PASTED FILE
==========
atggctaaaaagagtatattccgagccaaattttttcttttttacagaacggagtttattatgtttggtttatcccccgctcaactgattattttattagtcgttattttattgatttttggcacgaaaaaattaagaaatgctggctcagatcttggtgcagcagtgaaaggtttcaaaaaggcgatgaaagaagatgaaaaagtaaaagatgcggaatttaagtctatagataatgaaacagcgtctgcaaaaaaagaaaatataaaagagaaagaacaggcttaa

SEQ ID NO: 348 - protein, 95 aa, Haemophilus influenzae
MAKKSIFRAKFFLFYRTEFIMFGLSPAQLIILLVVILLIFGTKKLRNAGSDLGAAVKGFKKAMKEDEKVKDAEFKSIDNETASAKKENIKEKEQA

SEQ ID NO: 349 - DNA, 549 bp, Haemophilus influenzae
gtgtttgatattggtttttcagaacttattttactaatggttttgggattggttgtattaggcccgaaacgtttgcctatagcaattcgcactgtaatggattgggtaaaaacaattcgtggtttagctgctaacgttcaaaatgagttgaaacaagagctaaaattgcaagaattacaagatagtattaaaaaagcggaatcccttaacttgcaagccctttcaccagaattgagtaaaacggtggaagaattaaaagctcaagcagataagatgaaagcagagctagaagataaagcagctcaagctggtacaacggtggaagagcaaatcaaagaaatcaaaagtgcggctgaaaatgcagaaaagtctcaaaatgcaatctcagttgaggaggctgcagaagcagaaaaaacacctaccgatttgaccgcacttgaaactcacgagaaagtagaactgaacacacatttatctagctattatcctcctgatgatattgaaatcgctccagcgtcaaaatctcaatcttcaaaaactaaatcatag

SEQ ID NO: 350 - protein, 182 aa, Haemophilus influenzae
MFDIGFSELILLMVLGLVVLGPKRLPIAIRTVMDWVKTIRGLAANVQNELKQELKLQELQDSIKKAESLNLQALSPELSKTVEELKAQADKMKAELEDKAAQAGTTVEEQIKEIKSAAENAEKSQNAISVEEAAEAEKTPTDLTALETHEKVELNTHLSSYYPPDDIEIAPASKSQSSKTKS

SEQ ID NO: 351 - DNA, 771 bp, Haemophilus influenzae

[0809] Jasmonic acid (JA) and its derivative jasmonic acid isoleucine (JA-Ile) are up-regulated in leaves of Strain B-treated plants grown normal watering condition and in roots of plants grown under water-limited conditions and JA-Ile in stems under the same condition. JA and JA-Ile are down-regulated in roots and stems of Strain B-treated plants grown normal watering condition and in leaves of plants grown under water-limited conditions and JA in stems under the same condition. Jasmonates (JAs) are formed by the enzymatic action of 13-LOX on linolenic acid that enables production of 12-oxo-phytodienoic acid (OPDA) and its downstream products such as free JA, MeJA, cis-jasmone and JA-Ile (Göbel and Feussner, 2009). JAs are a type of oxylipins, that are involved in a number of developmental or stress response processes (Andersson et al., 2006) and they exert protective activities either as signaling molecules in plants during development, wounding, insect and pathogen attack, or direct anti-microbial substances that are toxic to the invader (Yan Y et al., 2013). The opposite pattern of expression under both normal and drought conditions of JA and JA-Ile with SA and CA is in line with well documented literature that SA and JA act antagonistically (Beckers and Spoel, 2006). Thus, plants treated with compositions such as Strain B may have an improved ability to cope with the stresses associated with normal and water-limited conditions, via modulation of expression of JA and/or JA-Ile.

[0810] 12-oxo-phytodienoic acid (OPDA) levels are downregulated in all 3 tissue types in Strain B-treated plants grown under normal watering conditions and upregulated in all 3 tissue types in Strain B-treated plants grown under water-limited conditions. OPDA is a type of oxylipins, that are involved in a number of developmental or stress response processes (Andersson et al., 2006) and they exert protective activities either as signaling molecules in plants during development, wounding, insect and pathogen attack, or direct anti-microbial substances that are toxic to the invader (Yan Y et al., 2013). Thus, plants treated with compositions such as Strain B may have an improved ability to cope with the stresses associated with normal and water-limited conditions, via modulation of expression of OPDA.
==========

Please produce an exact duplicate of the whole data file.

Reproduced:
atggctaaaaagagtatattccgagccaaattttttcttttttacagaacggagtttattatgtttggtttatcccccgctcaactgattattttattagtcgttattttattgatttttggcacgaaaaaattaagaaatgctggctcagatcttggtgcagcagtgaaaggtttcaaaaaggcgatgaaagaagatgaaaaagtaaaagatgcggaatttaagtctatagataatgaaacagcgtctgcaaaaaaagaaaatataaaagagaaagaacaggcttaa

SEQ ID NO: 348 - protein, 95 aa, Haemophilus influenzae
MAKKSIFRAKFFLFYRTEFIMFGLSPAQLIILLVVILLIFGTKKLRNAGSDLGAAVKGFKKAMKEDEKVKDAEFKSIDNETASAKKENIKEKEQA

SEQ ID NO: 349 - DNA, 549 bp, Haemophilus influenzae
gtgtttgatattggtttttcagaacttattttactaatggttttgggattggttgtattaggcccgaaacgtttgcctatagcaattcgcactgtaatggattgggtaaaaacaattcgtggtttagctgctaacgttcaaaatgagttgaaacaagagctaaaattgcaagaattacaagatagtattaaaaaagcggaatcccttaacttgcaagccctttcaccagaattgagtaaaacggtggaagaattaaaagctcaagcagataagatgaaagcagagctagaagataaagcagctcaagctggtacaacggtggaagagcaaatcaaagaaatcaaaagtgcggctgaaaatgcagaaaagtctcaaaatgcaatctcagttgaggaggctgcagaagcagaaaaaacacctaccgatttgaccgcacttgaaactcacgagaaagtagaactgaacacacatttatctagctattatcctcctgatgatattgaaatcgctccagcgtcaaaatctcaatcttcaaaaactaaatcatag

SEQ ID NO: 350 - protein, 182 aa, Haemophilus influenzae
MFDIGFSELILLMVLGLVVLGPKRLPIAIRTVMDWVKTIRGLAANVQNELKQELKLQELQDSIKKAESLNLQALSPELSKTVEELKAQADKMKAELEDKAAQAGTTVEEQIKEIKSAAENAEKSQNAISVEEAAEAEKTPTDLTALETHEKVELNTHLSSYYPPDDIEIAPASKSQSSKTKS

SEQ ID NO: 351 - DNA, 771 bp, Haemophilus influenzae

[0809] Jasmonic acid (JA) and its derivative jasmonic acid isoleucine (JA-Ile) are up-regulated in leaves of Strain B-treated plants grown normal watering condition and in roots of plants grown under water-limited conditions and JA-Ile in stems under the same condition. JA and JA-Ile are down-regulated in roots and stems of Strain B-treated plants grown normal watering condition and in leaves of plants grown under water-limited conditions and JA in stems under the same condition. Jasmonates (JAs) are formed by the enzymatic action of 13-LOX on linolenic acid that enables production of 12-oxo-phytodienoic acid (OPDA) and its downstream products such as free JA, MeJA, cis-jasmone and JA-Ile (Göbel and Feussner, 2009). JAs are a type of oxylipins, that are involved in a number of developmental or stress response processes (Andersson et al., 2006) and they exert protective activities either as signaling molecules in plants during development, wounding, insect and pathogen attack, or direct anti-microbial substances that are toxic to the invader (Yan Y et al., 2013). The opposite pattern of expression under both normal and drought conditions of JA and JA-Ile with SA and CA is in line with well documented literature that SA and JA act antagonistically (Beckers and Spoel, 2006). Thus, plants treated with compositions such as Strain B may have an improved ability to cope with the stresses associated with normal and water-limited conditions, via modulation of expression of JA and/or JA-Ile.

[0810] 12-oxo-phytodienoic acid (OPDA) levels are downregulated in all 3 tissue types in Strain B-treated plants grown under normal watering conditions and upregulated in all 3 tissue types in Strain B-treated plants grown under water-limited conditions. OPDA is a type of oxylipins, that are involved in a number of developmental or stress response processes (Andersson et al., 2006) and they exert protective activities either as signaling molecules in plants during development, wounding, insect and pathogen attack, or direct anti-microbial substances that are toxic to the invader (Yan Y et al., 2013). Thus, plants treated with compositions such as Strain B may have an improved ability to cope with the stresses associated with normal and water-limited conditions, via modulation of expression of OPDA.